Orwell based Major on both the German political economist Karl Marx and the Russian revolutionary leader Vladimir Ilych Lenin. Unfortunately for the other animals, Muriel is not charismatic or inspired enough to take action and oppose Napoleon and his pigs. When he returns, he still insists on the existence of Sugarcandy Mountain. This is the reason why the two pigs, Snowball and Napoleon, often argue. Mollie represents those in Russian society who did not want to change for the sake of the Socialist cause, who wanted to keep the luxury they knew before the Russian Revolution and went into exile. Mollie - Mollie is a stupid and materialistic horse.
Some months later a heavy storm destroys the windmill, which is nearly finished. He still does his work the same way, never becoming too excited or too disappointed about anything that has passed. When he realized that wasn't enough he had him killed mollie- the rich of Russia who were fine with there previous lives Boxer- the working class Moses- The Russian orthadox churches that had once been shut down during the reign of Stalin. He is also intelligent, being the only animal aside from the pigs that can read fluently. A vain horse who loves sugar and wearing pretty ribbons in her mane, Mollie never much cares about the revolution. So the monopoly of the Pravda was seized by Stalin and his new Bolshevik regime.
But the pigs ensure them that there never has been such a resolution, and that this was an evil lie of Snowball. Based on Leon Trotsky, Snowball is intelligent, passionate, eloquent, and less subtle and devious than his counterpart, Napoleon. He was almost as bad as Hitler Snowball- Trosky he ran against Stalin in the elections and Lenin, the previous leader, had wanted Trosky to take over after him. He is described as an alcoholic and often forgets to see the animals. One such symbol is the cat. The reader is left in the dark for a while, but is later enlightened when Orwell describes the chase of Snowball. They sit inside the farmhouse and celebrate the efficiency of his farm, where the animals work very hard with a minimum of food.
For example, although Napoleon seems at first to be a good leader, he is eventually overcome by greed and soon becomes power-hungry. Orwell mentions the fact that the other farmers became suspicious and worried when their animals began to sing Beasts of England. Due to its allegorical nature, the characters in Animal Farm are meant to represent certain persons or peoples. Boxer: The name Boxer is cleverly used by Orwell as a metaphor for the Boxer Rebellion in China in the early twentieth century. He is the one who calls the meeting in the first chapter to discuss his strange dream. Rumors of the exotic and cruel animal tortures Frederick enacts on his farm are meant to echo the horror stories emerging from Nazi Germany. Benjamin represents the human and also stereotypically Russian tendency towards apathy; he holds fast to the idea that life is inherently hard and that efforts for change are futile.
But in recent years the farm had fallen on harder times and the opportunity was seen to revolt. I'm not so sure who the cat represents either. It was situated somewhere up in the sky, a little distance beyond the clouds, Moses said. Destruction of the Windmill: This destruction is a symbol for the failure of the Five Year Plan. This could be Orwell's attempt to dig Stalin, whom many consider to be someone who totally ignored Marx's political and social theory. These dogs would later be used to eliminate Snowball, his arch-rival. Benjamin symbolises the older generation, the critics of any new rebellion.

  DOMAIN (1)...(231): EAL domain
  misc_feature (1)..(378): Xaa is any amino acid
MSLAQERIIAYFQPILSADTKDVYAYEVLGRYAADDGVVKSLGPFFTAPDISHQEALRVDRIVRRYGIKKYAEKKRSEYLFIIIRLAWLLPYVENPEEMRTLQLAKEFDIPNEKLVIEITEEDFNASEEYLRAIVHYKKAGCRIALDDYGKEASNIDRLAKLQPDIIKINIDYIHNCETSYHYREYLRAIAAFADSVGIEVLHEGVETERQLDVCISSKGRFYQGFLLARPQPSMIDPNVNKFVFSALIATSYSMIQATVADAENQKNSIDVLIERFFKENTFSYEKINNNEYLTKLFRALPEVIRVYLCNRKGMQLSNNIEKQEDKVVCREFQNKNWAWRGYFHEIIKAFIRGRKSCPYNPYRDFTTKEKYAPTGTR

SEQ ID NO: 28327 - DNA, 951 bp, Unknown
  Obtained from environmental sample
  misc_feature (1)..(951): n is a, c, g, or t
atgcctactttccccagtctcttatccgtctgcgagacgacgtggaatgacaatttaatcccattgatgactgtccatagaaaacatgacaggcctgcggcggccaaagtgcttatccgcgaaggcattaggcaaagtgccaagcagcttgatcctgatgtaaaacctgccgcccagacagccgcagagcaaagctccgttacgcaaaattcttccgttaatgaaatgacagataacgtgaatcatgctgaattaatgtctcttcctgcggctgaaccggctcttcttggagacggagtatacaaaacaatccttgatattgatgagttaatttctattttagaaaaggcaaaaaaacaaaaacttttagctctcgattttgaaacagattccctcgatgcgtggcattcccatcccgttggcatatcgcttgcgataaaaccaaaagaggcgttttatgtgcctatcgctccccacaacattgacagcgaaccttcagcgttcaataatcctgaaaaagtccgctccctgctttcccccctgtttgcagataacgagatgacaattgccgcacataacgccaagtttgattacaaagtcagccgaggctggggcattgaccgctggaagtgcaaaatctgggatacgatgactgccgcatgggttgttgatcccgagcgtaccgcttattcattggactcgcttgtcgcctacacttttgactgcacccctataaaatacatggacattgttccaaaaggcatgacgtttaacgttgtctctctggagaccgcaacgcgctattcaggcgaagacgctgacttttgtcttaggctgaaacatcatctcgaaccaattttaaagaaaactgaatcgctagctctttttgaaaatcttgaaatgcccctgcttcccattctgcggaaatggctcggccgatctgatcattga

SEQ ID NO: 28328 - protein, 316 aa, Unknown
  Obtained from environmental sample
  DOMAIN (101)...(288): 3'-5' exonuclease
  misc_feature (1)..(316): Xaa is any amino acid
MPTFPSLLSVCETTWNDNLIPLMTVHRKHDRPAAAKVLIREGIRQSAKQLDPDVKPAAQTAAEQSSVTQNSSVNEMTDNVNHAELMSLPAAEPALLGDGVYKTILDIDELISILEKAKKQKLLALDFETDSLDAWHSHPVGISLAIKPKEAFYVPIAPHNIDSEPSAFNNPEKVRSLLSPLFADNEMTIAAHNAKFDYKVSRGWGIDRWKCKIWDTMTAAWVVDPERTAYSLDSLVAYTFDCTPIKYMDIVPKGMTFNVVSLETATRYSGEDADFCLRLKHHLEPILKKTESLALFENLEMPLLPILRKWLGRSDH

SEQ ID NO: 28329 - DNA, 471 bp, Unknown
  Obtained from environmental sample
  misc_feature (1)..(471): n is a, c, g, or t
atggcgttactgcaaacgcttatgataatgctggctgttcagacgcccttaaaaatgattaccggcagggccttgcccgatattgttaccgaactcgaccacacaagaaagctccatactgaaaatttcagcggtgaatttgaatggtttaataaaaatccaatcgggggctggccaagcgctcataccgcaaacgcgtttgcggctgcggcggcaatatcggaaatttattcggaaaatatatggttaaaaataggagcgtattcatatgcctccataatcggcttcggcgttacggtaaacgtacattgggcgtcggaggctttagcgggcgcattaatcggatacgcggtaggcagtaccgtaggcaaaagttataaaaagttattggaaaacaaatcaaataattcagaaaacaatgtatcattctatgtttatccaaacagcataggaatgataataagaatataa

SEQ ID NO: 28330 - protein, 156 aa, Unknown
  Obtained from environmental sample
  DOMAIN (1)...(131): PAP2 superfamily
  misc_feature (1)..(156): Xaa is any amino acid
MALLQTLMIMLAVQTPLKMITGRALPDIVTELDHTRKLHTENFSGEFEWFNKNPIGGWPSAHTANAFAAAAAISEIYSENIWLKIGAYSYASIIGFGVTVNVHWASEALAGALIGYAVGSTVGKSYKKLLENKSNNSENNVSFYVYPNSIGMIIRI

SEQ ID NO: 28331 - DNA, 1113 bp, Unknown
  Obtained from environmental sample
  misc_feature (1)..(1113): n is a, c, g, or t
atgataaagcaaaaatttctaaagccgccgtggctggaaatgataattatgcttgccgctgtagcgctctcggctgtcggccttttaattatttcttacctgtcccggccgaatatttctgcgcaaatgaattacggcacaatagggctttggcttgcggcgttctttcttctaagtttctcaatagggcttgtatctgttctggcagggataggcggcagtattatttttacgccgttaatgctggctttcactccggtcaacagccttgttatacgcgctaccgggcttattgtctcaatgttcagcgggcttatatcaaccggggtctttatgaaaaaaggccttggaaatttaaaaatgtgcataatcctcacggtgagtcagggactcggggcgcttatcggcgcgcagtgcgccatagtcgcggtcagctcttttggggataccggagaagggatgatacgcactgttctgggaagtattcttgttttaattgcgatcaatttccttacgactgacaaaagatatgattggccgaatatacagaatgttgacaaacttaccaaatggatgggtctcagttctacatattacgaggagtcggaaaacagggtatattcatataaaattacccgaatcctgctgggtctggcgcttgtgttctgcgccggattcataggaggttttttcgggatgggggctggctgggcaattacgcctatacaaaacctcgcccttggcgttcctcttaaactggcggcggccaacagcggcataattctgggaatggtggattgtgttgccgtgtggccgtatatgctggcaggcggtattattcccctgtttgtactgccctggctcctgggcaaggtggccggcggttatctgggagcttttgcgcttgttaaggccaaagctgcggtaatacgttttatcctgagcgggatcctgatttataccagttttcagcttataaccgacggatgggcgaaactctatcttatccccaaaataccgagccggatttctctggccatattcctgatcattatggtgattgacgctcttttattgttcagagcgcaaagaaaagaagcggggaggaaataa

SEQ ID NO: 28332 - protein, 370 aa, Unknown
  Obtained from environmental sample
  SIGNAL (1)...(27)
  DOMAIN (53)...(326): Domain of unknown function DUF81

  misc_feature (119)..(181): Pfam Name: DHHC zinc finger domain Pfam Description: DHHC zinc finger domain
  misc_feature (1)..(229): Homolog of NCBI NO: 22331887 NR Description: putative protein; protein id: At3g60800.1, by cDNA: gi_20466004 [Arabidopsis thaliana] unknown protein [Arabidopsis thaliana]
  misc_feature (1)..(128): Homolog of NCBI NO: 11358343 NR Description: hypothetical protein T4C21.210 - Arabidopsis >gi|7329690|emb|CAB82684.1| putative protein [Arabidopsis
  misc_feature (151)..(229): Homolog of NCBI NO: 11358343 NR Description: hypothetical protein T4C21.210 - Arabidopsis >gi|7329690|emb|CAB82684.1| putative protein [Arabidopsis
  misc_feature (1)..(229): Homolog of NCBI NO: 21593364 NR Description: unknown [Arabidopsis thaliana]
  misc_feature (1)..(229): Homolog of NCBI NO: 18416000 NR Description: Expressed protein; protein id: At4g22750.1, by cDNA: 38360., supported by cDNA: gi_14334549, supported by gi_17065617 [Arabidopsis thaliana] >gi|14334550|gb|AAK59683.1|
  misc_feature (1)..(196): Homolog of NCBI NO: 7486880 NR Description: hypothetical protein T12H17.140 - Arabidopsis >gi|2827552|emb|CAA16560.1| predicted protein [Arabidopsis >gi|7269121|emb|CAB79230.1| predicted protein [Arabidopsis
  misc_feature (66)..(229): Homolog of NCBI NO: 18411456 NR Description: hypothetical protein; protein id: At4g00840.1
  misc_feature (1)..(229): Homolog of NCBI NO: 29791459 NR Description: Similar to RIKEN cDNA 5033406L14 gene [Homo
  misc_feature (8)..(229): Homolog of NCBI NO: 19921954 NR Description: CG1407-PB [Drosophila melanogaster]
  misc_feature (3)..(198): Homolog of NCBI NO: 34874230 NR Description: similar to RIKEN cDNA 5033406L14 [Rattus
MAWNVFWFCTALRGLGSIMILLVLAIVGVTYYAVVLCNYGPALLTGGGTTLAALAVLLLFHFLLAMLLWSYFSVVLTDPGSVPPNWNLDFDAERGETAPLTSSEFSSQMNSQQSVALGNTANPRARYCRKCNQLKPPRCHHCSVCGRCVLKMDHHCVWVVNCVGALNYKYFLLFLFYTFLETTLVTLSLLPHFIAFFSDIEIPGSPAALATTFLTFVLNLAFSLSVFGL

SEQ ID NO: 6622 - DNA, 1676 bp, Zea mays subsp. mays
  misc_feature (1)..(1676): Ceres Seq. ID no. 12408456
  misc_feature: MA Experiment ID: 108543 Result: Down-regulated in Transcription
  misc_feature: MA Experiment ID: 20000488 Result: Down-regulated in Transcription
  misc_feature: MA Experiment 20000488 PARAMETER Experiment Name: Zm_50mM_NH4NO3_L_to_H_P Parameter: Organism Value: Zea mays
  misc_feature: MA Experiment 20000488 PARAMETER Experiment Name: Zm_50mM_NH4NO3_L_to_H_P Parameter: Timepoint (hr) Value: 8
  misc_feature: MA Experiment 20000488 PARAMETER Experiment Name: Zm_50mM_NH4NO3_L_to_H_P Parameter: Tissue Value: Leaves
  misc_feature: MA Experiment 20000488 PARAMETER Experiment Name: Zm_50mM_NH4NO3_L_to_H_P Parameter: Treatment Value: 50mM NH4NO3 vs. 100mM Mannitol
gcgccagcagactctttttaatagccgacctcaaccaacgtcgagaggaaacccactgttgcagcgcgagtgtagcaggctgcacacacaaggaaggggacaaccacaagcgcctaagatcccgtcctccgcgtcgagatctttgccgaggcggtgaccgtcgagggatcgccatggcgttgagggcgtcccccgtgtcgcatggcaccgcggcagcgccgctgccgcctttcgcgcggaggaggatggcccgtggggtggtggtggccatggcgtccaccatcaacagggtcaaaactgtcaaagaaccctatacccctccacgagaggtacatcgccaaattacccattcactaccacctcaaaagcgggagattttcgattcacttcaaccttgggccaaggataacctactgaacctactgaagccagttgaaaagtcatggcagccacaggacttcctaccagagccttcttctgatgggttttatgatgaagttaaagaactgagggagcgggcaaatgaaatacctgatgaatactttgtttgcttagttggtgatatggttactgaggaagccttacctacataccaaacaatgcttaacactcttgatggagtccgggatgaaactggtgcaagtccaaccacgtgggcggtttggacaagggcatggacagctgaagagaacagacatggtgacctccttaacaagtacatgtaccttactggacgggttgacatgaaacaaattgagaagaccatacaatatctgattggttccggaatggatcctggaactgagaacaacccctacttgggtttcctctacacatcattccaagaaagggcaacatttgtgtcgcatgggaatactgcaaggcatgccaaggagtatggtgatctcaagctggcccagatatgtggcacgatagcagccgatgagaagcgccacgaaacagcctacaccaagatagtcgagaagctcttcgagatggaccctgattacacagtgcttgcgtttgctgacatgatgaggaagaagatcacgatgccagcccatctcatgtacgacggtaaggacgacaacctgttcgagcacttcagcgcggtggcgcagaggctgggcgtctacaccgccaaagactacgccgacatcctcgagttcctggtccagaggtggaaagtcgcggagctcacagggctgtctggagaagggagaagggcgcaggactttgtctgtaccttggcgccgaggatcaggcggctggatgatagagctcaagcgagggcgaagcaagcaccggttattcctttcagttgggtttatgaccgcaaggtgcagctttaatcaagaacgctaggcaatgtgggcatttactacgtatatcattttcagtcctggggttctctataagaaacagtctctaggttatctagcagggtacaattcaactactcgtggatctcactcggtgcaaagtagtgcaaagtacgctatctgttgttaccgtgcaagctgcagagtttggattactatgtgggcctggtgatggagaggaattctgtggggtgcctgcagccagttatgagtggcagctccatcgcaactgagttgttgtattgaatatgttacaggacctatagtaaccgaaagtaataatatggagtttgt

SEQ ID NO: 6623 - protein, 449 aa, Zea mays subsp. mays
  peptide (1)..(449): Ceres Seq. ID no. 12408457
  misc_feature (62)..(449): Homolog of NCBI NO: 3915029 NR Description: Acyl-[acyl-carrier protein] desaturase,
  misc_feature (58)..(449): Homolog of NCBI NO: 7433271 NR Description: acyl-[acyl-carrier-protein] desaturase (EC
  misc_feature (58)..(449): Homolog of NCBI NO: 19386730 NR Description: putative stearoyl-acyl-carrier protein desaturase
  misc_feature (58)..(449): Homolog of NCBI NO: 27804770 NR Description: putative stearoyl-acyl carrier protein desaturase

Still, Boxer lacks the intelligence and the nerve to sense that he is being used. Just as the windmill was promised to make the animals' life easier, the Five-Year Plans were intended to improve Soviet industry to the point where workers had shortened work-weeks. One more clue is the nature of a cat on a farm: the cat performs a service rodent control and receives benefits milk, shelter. Mr Jones- Tsar Nicholas The pigs of Animal Farm were an allegory of the leaders of the Bolshevik Revolution of 1917 in Russia led by Leon Trotsky and Joseph Stalin. Stalin tried to best to remove religion from daily life because he felt that it threatened his power.
Stalin was very weary of Trotsky and feared that Trotsky supporters might try to assassinate him. He is portrayed as a very untrustworthy neighbour. Jones is overthrown by the animals of Jonesrm, who represent Bolshevik and liberal revolutionaries. Bluebell, Jessie, and Pincher The dogs. Moses the raven tells the animals about a mythical place where all animals go when they die. Muriel: Muriel is a knowledgeable goat who reads the commandments for Clover. Pinkeye A pig that Napoleon enlists as his taster, lest someone try to poison him.
The windmill represents the massive infrastructure constructions projects and modernization initiatives that Soviet leaders instituted immediately after the Russian Revolution. Ominously, as Friedrich Hayek points out in The Road to Serfdom 1944 , communist principles had strong proponents among many Allied nations as well. Obviously a metaphor for Stalin, Comrade Napoleon represents the human frailties of any revolution. Boxer and Clover are used by Orwell to represent the proletariat, or unskilled labour class in Russian society. He tells them about his dream of a revolution against the cruel Mr Jones.
At this time the farm was thriving. To learn more, see our. Unfortunately, when Napoleon and Squealer take over, old Major becomes more and more a distant fragment of the past in the minds of the farm animals. This corresponds to many people in the and bourgeosie. The churches came back soon after World war 2 began Benjamin- George Orwell or the people of Russia that didn't care much of communism because they knew it wouldn't change the greedy way of humans.